The Hidden Gem - Shoalhaven Wine Region inspires a Summer Wine Pairing
The Shoalhaven region - An off the radar, “must-do” for visitors to Sydney, who enjoy diverse and stunning scenery, beautiful long sandy beaches and great surf, small artisan producers and boutique hotels, quaint cafes, delectable seafood, AND amazing wines. Yet it has thankfully managed to maintain its rural elegance and charm, and relaxed friendliness – not to mention the good old corner pubs, and all in less than a 2 hour drive. To get there check out Destination NSW, and Qantas Airlines.
|My Dad showing me one of Wollongong's many beaches, |
and where he used to spend his teens surfing on a "plank"
Travel down from Sydney via the coast through Wollongong and you’ll be met with, pristine beaches, azure oceans and surf for both the novice and thrill seeking “surfies”!. Supplement that with terrific food and wine and you’ll find some of the best fish and chips in the country at some of the small unpretentious cafes dotting the beach sidewalks. .
|Yours truly enjoying some fresh mountain air!|
You can also saunter on bike or car through the Kangaroo Valley, where the eucalyptus and rain forest clad mountains give way to rolling lush green hills that gently flatten and turn to a white expanse of sandy beaches.
The inland route will take you through Bowral, Australia’s “boutique” town with rambling country mansions, bakeries, cafes and antiques galore..
|One of Bowral's Mansions - this one a hotel|
Nestled in the mountains you’ll find quaint cafes serving Devonshire teas (fresh baked scones, jam and cream), artisans galore and, and as you head into the hills, you’ll notice a new revival has hit – wineries whose vines run with the hills onto the water’s edge.
The maritime climate and geology of the Shoalhaven Coast creates a tendency for white wines to be fruit-driven and well-balanced in style with crisp natural acidity that almost reflects the limestone soil’s, “lime-iness” Yet it is the delicate combination of this maritime climate, cool coastal sea-breezes, small production, relaxed and focused vision that brings wines which speak their locale - you can almost feel the ocean breeze as you sip them. Even the reds having that palate-kissing, crisp finish that goes so well with food. This trait also allows them to keep their alcohol levels at or below 13% without sacrificing rich body, strong tannins and complexity.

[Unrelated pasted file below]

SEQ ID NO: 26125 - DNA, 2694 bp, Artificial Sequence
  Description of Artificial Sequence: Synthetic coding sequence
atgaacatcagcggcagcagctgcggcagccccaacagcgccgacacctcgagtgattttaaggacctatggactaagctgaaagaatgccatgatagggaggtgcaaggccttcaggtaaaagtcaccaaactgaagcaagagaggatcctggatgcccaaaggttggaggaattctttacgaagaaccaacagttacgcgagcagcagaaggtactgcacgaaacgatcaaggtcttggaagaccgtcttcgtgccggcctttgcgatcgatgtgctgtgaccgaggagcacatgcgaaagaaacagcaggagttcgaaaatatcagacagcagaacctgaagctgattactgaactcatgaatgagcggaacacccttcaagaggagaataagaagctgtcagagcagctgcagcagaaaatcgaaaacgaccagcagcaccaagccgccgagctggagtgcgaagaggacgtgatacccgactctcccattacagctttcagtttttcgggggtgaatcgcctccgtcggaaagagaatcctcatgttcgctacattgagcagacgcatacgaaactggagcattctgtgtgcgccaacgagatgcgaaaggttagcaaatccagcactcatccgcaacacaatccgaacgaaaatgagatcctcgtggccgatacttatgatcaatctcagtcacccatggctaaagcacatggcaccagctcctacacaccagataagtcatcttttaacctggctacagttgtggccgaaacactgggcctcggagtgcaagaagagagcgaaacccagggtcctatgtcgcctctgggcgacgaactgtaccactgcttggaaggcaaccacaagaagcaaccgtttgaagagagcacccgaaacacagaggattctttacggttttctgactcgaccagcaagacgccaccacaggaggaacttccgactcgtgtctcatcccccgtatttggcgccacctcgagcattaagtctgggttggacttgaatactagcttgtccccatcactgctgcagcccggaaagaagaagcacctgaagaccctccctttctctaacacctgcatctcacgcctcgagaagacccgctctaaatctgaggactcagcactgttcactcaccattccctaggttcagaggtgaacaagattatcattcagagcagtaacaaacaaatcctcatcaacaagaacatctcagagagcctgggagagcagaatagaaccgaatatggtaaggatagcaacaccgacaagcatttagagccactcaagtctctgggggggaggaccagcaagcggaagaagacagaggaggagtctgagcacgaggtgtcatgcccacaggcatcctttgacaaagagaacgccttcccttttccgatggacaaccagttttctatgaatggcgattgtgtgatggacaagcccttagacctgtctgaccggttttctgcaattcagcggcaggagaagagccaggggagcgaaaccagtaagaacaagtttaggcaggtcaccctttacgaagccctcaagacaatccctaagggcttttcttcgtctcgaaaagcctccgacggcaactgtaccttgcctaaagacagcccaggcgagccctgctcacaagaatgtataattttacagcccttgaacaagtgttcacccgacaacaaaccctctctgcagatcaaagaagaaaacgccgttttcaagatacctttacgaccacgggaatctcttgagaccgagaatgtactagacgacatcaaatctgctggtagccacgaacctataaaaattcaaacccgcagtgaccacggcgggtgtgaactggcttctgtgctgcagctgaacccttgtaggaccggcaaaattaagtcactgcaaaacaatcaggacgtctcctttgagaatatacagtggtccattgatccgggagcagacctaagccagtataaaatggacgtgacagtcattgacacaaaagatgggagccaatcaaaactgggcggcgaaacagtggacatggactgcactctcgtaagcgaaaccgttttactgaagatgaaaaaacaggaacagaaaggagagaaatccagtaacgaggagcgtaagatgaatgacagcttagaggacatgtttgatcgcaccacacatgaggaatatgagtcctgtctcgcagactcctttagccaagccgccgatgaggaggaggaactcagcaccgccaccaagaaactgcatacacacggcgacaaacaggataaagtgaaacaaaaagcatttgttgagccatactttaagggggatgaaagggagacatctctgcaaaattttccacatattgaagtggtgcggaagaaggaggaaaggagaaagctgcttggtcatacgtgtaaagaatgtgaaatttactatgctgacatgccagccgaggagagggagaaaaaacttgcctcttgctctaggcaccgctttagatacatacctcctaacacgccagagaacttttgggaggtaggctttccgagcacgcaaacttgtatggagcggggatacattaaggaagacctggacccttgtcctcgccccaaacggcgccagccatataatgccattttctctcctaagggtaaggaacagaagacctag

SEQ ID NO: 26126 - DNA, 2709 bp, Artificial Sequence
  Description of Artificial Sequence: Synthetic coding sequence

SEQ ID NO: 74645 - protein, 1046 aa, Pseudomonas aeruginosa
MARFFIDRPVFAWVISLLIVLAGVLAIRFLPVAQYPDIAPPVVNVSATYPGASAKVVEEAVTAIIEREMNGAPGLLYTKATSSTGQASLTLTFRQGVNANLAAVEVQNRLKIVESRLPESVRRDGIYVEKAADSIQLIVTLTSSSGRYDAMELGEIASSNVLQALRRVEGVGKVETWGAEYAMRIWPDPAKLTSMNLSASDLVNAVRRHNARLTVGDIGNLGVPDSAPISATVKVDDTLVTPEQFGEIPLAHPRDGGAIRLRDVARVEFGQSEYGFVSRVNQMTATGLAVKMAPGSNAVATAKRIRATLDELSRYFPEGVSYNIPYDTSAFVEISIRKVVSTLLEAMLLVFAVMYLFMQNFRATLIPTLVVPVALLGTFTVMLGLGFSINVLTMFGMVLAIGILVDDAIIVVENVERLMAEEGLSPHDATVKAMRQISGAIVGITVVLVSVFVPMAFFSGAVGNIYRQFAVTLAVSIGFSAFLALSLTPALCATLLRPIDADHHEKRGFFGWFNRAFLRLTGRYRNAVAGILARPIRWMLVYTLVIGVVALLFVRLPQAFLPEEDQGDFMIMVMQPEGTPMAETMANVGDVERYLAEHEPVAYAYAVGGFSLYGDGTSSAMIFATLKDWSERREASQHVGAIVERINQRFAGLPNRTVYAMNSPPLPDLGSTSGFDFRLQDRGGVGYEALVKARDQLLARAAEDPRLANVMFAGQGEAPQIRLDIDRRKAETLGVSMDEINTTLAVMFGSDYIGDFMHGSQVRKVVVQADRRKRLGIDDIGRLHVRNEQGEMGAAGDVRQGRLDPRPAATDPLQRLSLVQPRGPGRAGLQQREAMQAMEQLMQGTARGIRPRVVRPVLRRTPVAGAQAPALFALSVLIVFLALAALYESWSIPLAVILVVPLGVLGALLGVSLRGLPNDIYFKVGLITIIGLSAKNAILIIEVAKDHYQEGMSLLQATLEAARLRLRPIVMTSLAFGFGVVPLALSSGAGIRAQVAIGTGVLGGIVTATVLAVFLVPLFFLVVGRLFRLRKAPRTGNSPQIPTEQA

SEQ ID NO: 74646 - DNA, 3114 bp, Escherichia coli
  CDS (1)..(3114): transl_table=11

|Coolongatta EState Vineyards, Shoalhaven|
I discovered Coolongatta Estate Winery, http://www.coolangattaestate.com.au/, when looking for a bed for the night. Scattered throughout the property, these lovingly restored convict built rooms are just a short walk from the Estate’s cellar door, restaurant, golf course, tennis court, games-room, croquet lawn, BBQ areas and solar-heated swimming pool. And just minutes to the beach, it’s a wonderful base to explore.
|Some of the local purveyor products |
on sale at the Cellar Door
Their chef creates dishes starting with the wine in mind, then fossicking through the surrounding hills, he builds a truly local terroir experience for diners to the restaurant. Another great reason to stay in one of their restored rooms - winetasting, beach activities a great meal and wine and stroll back to fall into a sound slumber.
When I tasted their Savagnin (a grape native to Southern France and now grown in Spain), I didn’t want to go any further, it was so delicious. This wine has peach and citrus characters on the nose. The palate has texture and body with ripe apricot and lime showing through finishing with crisp citrus acid.
|Ben Wallis, with some of Coolongatta Estates Wines and Awards.|
It seemed to me, the perfect wine to feature with my Spring into Summer wine teaser, a Pistachio and Artichoke Dip.
Artichoke is one of “those” foods. Like asparagus, it’s one of those veggies that challenges the palate when we want to enjoy it with wine. Containing a rare chemical called cynarin, a type of organic acid, artichokes tend to make some wines taste sweet, others bitter. My solution is to add nuts, and perhaps something dairy, to soften and round out the “acidity and tannins. Here’s an artichoke dip you can serve with crackers or crudités, spread on crostini or even smeared on a steak or fish after grilling!
Pistachio and Artichoke Dip
2 cups cooked artichoke heartsJuice of 1 lemon
2 tablespoons natural yogurt
1 tablespoon extra virgin olive oil
1/3 cup pistachios
3-4 leaves basil
Pepper and salt to taste
Place all the ingredients in a blender and process to a paste. Taste and adjust with lemon or salt to taste.
Wine Pairing - Coolongatta Estate Savagnin 2012.